Current Japanese reforms in English language education: The 2003 "action plan"

Yuko Goto Butler*, Masakazu Iino

*Corresponding author for this work

Research output: Contribution to journalArticlepeer-review

126 Citations (Scopus)


In response to growing criticism that Japanese do not have sufficient communicative skills in English, the Japanese government proposed a five-year "Action Plan to Cultivate Japanese with English Abilities" in 2003. This paper examines the context and content of this plan as well as the initial reactions to it in various educational settings. The Action Plan itself reflects a number of conflicting ideological orientations, including: (1) whether Japan should pursue a policy of multilingualism or one favoring the spread of English; (2) whether Japan should emphasize international understanding or simply English education; and (3) promoting egalitarianism versus allowing for individualized education. Despite the challenges that these conflicting goals present, the Action Plan gives greater autonomy to teachers and local governments and thus may improve English education by enabling them to become active participants in the development of language education policies rather than simply being passive consumers of such policies.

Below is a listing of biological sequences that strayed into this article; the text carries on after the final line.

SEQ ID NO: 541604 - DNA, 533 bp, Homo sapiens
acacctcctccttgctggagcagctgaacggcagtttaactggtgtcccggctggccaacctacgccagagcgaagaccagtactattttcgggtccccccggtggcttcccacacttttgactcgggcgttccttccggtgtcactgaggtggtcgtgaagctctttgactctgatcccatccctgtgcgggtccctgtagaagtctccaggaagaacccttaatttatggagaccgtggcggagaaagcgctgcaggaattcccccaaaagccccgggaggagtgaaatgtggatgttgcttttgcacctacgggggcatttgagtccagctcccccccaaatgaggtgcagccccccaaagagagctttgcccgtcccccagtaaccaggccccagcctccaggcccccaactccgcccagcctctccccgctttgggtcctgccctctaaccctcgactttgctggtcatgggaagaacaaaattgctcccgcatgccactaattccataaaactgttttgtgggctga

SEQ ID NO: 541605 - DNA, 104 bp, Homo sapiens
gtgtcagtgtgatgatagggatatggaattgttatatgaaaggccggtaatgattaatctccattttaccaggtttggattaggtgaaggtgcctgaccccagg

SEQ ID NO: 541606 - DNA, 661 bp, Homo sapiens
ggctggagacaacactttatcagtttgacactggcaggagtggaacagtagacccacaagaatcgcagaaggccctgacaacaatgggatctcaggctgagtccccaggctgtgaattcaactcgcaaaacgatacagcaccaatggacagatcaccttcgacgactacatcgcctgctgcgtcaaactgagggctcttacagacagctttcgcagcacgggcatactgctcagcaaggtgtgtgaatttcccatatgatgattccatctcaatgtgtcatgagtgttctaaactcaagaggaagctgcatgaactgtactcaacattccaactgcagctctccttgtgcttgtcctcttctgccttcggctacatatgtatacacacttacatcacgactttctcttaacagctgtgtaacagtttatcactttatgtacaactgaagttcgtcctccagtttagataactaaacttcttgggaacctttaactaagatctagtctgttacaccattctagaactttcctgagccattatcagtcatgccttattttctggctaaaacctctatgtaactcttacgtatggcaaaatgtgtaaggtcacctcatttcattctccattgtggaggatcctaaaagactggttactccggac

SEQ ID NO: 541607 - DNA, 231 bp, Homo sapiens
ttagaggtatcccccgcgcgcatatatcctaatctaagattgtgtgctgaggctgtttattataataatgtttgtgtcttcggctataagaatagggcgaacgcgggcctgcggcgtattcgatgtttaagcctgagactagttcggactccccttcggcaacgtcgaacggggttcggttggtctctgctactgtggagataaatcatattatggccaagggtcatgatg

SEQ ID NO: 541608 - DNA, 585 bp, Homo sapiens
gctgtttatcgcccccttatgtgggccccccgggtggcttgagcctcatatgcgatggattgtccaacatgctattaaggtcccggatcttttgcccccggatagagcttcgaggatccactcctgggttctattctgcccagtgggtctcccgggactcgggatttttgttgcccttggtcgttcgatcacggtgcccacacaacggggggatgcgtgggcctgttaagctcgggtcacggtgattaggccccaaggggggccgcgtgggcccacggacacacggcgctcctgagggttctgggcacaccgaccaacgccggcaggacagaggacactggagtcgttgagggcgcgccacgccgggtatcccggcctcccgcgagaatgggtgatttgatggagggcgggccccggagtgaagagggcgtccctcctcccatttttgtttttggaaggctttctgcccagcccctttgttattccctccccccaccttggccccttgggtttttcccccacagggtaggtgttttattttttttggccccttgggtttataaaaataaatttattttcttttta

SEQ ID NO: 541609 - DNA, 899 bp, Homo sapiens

Original languageEnglish
Pages (from-to)25-45
Number of pages21
JournalLanguage Policy
Issue number1
Publication statusPublished - 2005 Mar


  • Action plan
  • Autonomy
  • Egalitarianism
  • English language education reform
  • Individualism
  • International understanding
  • Japan, multilingualism
  • The spread of English

ASJC Scopus subject areas

  • Language and Linguistics
  • Sociology and Political Science
  • Linguistics and Language


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